The only meaningful way to “close Guantanamo” is to release the scores of detainees whom the administration knows are innocent and then try the rest in a real court (as Pakistan just did with Americans they accused of Terrorism).  Imprisoning only those people whom you convict of crimes is a terribly radical, purist, Far Leftist concept, I know — the Fifth Amendment is so very un-Pragmatic and pre-9/11 — and that is something the administration therefore refused from the start even to consider.

But more important — and this goes to the heart of the debate I had all week with Obama defenders over his alleged inability to influence Congress — the primary reason why Congress has acted to impede the closing of Guantanamo is because the Obama White House has allowed it to, and even encouraged it to do so with its complete silence and inaction.  I was accused by various Obama defenders all last week of being politically ignorant for arguing that Obama possesses substantial means of leverage to influence Congress to do what he wants, and that often, when the excuse is made that it’s not Obama’s fault because he can’t control Congress, the reality is that Congress is doing what it does because the White House is content with or even supportive of that, while pretending in public to lament it.  I provided numerous examples proving that was true, none of which was answered, but one need not believe me and my starry-eyed political ignorance.  Just listen to Carl Levin, who sort of knows how the process works given that he’s been in the Senate for about 400 years, explaining the real reason Guantanamo will not close:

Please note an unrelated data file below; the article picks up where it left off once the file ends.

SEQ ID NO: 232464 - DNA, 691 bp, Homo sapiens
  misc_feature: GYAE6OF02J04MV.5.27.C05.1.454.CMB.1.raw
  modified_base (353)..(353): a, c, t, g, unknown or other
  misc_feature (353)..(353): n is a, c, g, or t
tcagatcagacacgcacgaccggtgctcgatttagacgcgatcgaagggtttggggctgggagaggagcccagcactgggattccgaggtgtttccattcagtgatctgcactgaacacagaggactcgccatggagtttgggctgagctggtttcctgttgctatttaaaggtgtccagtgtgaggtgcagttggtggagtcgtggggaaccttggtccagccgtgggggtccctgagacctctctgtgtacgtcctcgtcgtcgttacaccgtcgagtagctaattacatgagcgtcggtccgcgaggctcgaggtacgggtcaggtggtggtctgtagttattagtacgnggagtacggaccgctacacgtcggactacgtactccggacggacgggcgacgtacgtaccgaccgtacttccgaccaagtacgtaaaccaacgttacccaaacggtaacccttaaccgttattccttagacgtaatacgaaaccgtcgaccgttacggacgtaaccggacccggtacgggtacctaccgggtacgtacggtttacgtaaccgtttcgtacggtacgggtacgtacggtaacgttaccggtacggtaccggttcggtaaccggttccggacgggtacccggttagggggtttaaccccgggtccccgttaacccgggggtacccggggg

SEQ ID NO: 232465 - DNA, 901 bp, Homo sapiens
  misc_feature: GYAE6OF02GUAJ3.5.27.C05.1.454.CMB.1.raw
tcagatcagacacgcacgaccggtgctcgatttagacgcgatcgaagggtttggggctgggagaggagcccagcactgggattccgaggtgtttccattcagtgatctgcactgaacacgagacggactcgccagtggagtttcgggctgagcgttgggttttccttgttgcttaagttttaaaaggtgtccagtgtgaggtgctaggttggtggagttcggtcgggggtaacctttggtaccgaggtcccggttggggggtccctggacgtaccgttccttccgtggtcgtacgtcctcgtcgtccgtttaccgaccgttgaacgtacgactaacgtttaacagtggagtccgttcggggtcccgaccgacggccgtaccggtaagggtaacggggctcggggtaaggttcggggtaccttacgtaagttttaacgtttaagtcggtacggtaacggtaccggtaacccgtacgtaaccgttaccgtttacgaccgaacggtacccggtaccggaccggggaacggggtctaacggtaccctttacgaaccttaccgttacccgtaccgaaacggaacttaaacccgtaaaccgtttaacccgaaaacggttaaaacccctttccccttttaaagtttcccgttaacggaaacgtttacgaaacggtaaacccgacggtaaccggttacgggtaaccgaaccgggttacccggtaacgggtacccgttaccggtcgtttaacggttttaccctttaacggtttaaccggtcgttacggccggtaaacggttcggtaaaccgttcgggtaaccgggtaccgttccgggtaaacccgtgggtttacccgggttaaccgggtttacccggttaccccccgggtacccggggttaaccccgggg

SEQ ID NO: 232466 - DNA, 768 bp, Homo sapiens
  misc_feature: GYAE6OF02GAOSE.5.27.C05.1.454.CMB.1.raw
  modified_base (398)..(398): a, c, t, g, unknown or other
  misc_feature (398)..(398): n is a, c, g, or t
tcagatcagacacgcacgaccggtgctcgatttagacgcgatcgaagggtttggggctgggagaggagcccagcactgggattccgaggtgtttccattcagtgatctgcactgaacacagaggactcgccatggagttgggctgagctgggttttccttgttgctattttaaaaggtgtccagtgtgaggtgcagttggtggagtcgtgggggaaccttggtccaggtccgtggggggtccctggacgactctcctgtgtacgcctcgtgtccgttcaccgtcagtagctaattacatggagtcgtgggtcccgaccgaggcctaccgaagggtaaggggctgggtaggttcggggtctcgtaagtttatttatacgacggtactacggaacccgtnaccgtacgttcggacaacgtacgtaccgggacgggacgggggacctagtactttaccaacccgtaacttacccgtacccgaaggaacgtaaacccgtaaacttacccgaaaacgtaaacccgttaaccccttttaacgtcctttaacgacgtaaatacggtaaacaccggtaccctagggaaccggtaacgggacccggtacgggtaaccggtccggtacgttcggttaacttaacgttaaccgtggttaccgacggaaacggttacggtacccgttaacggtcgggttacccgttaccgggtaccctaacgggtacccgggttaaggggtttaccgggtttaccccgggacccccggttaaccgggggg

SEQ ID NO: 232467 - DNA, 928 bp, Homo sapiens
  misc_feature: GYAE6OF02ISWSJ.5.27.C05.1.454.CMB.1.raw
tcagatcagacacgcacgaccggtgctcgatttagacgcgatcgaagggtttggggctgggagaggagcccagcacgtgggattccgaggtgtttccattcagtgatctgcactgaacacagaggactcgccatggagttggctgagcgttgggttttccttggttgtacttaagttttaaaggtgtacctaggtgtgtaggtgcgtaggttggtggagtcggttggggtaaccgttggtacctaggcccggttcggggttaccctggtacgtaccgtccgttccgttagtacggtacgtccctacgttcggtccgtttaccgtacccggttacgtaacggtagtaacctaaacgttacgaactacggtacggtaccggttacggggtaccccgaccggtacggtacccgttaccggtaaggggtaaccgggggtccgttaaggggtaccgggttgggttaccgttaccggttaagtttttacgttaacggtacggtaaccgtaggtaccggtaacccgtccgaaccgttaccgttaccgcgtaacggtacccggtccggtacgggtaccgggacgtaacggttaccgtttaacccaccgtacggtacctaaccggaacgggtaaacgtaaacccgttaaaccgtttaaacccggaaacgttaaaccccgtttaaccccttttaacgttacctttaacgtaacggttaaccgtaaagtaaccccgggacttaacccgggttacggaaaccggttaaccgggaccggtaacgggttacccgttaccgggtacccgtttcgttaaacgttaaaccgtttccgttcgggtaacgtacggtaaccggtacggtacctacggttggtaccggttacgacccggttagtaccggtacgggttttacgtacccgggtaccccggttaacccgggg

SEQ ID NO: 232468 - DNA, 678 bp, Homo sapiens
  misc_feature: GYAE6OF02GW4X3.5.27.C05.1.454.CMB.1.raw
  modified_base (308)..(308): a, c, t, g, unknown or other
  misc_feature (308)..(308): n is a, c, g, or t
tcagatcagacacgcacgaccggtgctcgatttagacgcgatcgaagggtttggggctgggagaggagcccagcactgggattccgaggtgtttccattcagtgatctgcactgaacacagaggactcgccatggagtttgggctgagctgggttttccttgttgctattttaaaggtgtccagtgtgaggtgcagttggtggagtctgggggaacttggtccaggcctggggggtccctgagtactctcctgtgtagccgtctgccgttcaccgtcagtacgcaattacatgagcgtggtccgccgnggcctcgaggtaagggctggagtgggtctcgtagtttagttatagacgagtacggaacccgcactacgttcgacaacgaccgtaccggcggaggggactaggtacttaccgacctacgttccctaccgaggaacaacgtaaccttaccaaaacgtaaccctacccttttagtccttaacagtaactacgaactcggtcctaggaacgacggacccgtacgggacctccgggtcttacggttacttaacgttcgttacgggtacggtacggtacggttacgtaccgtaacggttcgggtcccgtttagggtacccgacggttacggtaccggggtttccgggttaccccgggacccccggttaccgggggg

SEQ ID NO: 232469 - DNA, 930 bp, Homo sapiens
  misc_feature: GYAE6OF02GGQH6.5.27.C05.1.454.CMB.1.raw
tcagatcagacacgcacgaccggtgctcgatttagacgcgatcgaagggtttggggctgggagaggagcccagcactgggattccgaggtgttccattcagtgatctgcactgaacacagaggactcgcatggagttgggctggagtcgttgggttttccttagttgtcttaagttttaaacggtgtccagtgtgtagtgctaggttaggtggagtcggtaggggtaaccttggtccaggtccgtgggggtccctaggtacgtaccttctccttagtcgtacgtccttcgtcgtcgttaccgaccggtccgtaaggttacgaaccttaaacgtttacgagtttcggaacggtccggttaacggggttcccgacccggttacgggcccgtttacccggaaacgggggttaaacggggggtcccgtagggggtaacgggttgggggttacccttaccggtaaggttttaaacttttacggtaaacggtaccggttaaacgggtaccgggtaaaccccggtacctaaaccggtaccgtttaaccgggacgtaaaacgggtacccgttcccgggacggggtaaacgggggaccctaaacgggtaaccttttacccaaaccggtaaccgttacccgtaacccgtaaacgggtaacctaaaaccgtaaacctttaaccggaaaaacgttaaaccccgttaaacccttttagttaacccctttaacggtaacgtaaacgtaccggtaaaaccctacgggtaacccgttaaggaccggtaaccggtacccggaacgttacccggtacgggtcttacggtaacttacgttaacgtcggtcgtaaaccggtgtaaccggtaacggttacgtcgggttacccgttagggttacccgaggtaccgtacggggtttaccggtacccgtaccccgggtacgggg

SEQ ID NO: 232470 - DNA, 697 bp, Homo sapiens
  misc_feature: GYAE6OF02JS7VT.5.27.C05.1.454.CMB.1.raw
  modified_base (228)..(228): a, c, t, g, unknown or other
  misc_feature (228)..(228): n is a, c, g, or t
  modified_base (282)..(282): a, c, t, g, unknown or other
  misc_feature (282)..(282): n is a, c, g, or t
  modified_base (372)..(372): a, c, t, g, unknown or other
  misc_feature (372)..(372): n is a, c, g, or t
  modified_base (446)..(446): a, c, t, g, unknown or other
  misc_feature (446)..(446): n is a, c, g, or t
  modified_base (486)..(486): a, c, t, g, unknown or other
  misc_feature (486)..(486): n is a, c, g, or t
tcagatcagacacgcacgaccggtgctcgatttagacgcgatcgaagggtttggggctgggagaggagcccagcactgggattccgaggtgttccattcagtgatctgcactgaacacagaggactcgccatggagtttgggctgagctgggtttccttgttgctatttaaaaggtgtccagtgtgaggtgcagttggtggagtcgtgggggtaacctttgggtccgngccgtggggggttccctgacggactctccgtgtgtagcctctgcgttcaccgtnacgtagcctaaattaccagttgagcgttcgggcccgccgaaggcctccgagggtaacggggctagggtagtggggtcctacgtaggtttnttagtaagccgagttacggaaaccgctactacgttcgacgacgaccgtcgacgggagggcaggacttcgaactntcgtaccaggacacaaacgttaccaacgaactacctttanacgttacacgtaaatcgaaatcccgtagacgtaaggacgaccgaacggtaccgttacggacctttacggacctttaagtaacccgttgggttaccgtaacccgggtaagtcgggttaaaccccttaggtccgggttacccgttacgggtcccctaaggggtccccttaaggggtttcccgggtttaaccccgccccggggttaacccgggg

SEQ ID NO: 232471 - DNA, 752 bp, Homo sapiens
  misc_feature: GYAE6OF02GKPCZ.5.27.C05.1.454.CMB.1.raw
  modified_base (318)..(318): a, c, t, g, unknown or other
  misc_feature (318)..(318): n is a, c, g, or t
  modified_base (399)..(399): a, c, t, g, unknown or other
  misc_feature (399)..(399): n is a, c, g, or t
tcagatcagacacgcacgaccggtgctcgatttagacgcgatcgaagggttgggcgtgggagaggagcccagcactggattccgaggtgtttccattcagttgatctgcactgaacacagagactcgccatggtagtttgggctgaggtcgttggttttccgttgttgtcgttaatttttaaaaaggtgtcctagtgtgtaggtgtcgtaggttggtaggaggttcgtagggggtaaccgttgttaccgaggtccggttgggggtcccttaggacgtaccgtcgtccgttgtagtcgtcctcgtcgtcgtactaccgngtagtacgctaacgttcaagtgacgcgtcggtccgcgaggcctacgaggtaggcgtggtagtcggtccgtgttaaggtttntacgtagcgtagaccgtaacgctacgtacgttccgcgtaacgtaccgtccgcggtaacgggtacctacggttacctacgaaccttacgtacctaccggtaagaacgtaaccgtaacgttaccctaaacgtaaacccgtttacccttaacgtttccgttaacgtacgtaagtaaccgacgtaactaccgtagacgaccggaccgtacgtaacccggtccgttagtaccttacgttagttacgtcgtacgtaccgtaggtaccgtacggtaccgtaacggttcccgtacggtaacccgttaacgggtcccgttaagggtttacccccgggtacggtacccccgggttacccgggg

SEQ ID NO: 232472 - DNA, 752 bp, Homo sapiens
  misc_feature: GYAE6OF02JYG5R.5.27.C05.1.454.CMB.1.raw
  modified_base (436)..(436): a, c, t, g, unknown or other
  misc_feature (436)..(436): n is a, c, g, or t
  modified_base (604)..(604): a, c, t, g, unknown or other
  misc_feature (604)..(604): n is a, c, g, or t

“There is a lot of inertia” against closing the prison, “and the administration is not putting a lot of energy behind their position that I can see,” said Senator Carl Levin, the Michigan Democrat who is chairman of the Senate Armed Services Committee . . . . .

Mr. Levin portrayed the administration as unwilling to make a serious effort to exert its influence, contrasting its muted response to legislative hurdles to closing Guantánamo with “very vocal” threats to veto financing for a fighter jet engine it opposes.

Last year, for example, the administration stood aside as lawmakers restricted the transfer of detainees into the United States except for prosecution. And its response was silence several weeks ago, Mr. Levin said, as the House and Senate Armed Services Committees voted to block money for renovating the Illinois prison to accommodate detainees, and to restrict transfers from Guantánamo to other countries — including, in the Senate version, a bar on Yemen, Saudi Arabia, Afghanistan, Pakistan and Somalia. About 130 of the 181 detainees are from those countries.

They are not really putting their shoulder to the wheel on this issue,” Mr. Levin said of White House officials. “It’s pretty dormant in terms of their public positions.”

That — what Levin just said there — is the heart of the critique of the Obama administration which its defenders steadfastly refuse to address, opting instead to beat the same strawman over and over no matter how many times it’s pointed out what they’re doing… Full article

June 26, 2010 Posted by | Civil Liberties, Progressive Hypocrite, War Crimes | Comments Off on Guantanamo and presidential priorities

Obama Regime Warns Turkey Must Show Commitment to West

Al-Manar TV – 26/06/2010

The United States warned Turkey that it is alienating US supporters and needs to demonstrate its commitment to partnership with the West.

The remarks by Philip Gordon, the Obama administration’s top diplomat on European affairs, were a rare admonishment of a crucial NATO ally.

“We think Turkey remains committed to NATO, Europe and the United States, but that needs to be demonstrated,” Gordon told The Associated Press in an interview. “There are people asking questions about it in a way that is new, and that in itself is a bad thing that makes it harder for the United States to support some of the things that Turkey would like to see us support.”